Biology

Go with the PHLOem: All About Plant Hormones

Introduction to Plant Hormones

Hormones play a big part of our everyday lives. In fact, your digestion, heart rate, and even mood all depend on hormones. We hear a lot about the adrenaline, for example, which raises our fight or flight system. Adrenaline can make you feel excited or scared, like that moment when you are about to drop on a 100 foot roller coaster. Hormones act as messengers between your organs in order to respond to changes in our environment and body; without them, we wouldn’t survive. But hormones aren’t just in our bodies; plants also rely on hormones to survive. These hormones regulate flowering, cell replication, plant growth, and many other functions that are essential to the plants’ survival. 

Photo by sohail na on Pexels.com

History of Plant Hormones

One day in the late 1800s, Charles Darwin, a famous evolutionary biologist, and his son, noticed something fascinating about some grass seedlings. Grass seedlings have a sheath that protects the first stem from a seed, called a coleoptile. Darwin and his son observed that plants with an intact coleoptile bend towards a light source. However, if they removed the tip of the coleoptile, the stem would not bend towards light. The father-son pair further experimented with covering the tip of the coleoptile with different materials. When they used a translucent cap to cover the coleoptile tip, the stem bended towards light again, but when they used an opaque cap the stem did not bend. Since this only happened when the tip was covered, the two men decided that something inside the tip of the coleoptile was controlling whether the stem bended towards light. Darwin’s experiments on this feature of plants responding to a light source paved the way for future studies on plant hormones. This phenomenon was later coined phototropism and is one of the many functions controlled by hormones. 

Overview of Different Types of Plant Hormones

Plant hormones, also termed plant growth regulators, are generally produced in low concentrations. There are five main classes that plant hormones are categorized into: auxins, abscisic acid, gibberellin, cytokinins, ethylene, and abscisic acid. These hormones can come in synthetic forms and have many practical applications in gardening and the agricultural industry. As the table above summarizes, the five classes of hormones do not regulate just one function, but contribute to a variety of physiological activity. Hormones also work together rather than in isolation to produce effects.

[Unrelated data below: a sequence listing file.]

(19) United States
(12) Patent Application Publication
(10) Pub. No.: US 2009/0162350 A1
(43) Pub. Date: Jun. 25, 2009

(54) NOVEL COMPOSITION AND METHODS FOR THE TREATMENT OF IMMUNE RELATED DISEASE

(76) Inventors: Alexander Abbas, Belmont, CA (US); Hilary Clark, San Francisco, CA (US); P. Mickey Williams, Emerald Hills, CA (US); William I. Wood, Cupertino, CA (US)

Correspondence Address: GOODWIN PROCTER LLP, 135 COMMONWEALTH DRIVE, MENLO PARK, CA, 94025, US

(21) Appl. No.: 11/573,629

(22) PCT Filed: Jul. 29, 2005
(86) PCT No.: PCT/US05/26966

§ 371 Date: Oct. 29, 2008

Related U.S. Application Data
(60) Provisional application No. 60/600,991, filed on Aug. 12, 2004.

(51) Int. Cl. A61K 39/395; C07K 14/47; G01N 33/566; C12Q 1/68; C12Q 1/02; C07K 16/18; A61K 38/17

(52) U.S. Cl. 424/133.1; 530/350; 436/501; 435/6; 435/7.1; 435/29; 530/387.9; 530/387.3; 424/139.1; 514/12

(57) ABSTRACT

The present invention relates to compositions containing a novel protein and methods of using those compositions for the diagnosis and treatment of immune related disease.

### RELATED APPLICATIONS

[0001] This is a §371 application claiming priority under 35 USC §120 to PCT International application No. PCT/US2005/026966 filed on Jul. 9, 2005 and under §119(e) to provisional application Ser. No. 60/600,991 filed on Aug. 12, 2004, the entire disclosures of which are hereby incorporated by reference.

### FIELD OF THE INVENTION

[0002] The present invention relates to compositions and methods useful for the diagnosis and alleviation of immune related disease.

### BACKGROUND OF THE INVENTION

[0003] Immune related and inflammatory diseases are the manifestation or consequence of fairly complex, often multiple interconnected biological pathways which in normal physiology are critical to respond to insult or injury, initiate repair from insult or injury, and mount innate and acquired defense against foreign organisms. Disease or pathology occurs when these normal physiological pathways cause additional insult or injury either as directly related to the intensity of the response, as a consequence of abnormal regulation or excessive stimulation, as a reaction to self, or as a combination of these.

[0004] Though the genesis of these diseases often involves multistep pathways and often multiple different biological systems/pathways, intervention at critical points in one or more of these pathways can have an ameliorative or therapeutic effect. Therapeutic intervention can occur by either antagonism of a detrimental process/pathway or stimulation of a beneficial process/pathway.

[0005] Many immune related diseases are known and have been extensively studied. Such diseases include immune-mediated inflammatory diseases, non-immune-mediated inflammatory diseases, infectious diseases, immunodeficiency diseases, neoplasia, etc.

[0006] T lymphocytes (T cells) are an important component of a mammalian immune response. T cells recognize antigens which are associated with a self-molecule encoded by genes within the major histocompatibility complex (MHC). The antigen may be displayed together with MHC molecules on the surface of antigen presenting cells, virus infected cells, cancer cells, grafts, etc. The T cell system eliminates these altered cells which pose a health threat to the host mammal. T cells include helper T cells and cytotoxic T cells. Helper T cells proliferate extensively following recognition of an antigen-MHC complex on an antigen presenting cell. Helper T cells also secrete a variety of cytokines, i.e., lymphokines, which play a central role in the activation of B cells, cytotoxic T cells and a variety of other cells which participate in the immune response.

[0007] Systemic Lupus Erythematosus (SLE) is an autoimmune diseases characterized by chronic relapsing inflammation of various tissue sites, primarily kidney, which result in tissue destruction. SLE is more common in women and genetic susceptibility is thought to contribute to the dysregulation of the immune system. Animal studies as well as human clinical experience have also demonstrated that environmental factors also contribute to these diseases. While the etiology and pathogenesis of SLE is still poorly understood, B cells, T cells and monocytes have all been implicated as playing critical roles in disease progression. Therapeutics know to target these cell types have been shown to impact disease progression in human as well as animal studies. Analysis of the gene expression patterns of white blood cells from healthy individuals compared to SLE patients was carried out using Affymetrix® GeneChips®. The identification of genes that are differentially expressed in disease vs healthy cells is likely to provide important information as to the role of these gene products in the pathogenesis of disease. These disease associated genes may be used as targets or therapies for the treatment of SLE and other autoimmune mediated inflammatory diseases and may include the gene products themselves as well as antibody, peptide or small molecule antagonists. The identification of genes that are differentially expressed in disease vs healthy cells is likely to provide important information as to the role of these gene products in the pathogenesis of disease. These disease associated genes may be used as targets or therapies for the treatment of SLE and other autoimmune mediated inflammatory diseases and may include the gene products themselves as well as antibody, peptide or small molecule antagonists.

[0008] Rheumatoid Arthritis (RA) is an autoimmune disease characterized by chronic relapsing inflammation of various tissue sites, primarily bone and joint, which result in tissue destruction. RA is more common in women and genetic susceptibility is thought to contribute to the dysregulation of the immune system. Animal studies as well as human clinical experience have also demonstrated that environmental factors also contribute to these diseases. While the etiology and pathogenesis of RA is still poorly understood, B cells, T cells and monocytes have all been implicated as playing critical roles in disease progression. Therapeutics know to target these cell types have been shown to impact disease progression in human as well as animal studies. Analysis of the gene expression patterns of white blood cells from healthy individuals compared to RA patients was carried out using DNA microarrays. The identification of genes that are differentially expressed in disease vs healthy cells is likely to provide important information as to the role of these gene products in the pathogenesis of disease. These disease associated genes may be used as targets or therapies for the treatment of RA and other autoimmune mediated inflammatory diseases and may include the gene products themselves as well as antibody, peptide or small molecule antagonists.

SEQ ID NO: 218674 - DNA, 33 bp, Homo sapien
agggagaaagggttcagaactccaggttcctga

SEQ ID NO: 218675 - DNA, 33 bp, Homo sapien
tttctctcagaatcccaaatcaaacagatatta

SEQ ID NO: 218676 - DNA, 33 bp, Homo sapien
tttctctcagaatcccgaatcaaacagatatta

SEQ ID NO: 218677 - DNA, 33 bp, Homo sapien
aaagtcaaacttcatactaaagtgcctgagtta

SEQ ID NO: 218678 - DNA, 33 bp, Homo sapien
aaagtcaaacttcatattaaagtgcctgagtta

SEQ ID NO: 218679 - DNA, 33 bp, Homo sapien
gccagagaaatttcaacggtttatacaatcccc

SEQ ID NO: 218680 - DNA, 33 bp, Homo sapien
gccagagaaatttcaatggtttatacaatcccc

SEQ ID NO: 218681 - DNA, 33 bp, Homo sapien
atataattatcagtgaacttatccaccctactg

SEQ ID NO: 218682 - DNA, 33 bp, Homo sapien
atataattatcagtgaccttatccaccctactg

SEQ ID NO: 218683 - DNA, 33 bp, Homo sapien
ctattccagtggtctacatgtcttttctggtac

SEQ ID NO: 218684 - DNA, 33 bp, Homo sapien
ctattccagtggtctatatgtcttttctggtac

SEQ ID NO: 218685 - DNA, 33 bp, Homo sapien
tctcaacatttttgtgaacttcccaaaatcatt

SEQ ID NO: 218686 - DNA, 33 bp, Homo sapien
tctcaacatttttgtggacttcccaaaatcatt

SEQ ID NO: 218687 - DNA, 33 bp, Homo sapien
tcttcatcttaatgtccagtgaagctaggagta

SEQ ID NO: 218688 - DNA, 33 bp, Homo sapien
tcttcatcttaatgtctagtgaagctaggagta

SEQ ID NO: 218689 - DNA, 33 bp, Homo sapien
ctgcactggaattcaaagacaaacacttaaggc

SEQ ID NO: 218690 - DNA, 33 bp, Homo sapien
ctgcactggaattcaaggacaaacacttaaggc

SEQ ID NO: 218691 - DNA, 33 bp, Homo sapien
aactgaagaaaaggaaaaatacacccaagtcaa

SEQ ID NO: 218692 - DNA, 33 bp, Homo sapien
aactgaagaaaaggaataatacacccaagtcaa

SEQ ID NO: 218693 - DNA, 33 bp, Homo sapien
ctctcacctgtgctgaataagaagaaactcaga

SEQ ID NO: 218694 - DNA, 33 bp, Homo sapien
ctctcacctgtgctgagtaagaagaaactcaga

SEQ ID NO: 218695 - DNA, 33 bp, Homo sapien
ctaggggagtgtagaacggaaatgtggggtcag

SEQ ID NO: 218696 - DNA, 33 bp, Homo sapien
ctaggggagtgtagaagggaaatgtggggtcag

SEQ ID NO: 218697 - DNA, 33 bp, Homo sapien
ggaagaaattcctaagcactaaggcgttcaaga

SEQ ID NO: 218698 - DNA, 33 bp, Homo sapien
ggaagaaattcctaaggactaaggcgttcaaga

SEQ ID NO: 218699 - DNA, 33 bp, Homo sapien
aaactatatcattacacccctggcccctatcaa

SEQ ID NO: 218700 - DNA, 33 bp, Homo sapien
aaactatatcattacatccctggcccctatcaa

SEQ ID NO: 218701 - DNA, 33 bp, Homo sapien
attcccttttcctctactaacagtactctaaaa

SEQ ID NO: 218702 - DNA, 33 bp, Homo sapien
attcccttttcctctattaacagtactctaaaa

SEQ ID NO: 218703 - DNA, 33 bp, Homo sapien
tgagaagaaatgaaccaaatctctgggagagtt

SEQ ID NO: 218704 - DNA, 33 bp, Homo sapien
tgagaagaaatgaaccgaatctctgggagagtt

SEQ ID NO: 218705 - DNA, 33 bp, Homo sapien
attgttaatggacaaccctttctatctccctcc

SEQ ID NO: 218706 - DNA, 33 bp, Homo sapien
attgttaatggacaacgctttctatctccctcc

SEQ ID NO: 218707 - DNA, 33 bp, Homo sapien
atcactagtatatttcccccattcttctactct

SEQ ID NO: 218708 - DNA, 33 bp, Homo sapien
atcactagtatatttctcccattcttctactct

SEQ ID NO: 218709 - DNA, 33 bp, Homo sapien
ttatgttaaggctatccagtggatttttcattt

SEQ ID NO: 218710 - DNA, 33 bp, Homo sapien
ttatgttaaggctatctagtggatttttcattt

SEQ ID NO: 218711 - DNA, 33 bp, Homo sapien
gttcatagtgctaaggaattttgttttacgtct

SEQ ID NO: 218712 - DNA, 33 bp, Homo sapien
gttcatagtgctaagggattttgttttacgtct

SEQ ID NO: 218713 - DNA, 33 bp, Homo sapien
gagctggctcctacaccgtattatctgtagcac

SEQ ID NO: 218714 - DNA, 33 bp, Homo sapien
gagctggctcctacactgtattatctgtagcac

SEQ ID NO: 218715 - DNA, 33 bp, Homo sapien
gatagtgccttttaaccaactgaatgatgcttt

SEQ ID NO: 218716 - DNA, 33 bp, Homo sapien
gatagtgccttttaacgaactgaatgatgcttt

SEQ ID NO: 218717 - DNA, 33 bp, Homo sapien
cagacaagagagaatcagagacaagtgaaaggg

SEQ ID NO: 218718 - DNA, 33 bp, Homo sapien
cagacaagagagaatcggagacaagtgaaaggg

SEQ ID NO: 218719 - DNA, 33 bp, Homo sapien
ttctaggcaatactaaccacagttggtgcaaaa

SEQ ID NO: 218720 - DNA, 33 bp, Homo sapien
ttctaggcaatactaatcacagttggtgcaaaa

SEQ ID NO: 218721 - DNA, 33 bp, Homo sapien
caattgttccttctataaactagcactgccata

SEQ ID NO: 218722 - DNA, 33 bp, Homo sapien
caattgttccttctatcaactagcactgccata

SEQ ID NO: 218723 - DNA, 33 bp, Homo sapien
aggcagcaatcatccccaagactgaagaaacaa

GerminationGrowth to MaturityFloweringFruit DevelopmentAbscissionSeed Dormancy
Gibberellin
Auxin
Cytokinins
Ethylene
Abscisic Acid
Copyright Moosmosis Organization 2020

Auxins

The early studies on phototropism eventually lead to the discovery of indoleacetic acid (IAA), the primary auxin hormone responsible for phototropism and the most predominant auxin in most plants. By definition, auxins are chemicals that induce cell elongation. Auxins control cell elongation by stimulating the acidification of the cell wall, which results in the activation of expansins — an enzyme that increases cell plasticity and flexibility. The presence of expansins allow for the elongation of cells as seen in phototropism. Auxins also have a big role in the development of plants and the arrangement of leaves. Due to its many abilities, auxins have a multitude of practical uses such as during propagation of plants or making plants grow taller. 

Photo by Rachel Claire on Pexels.com

Cytokinins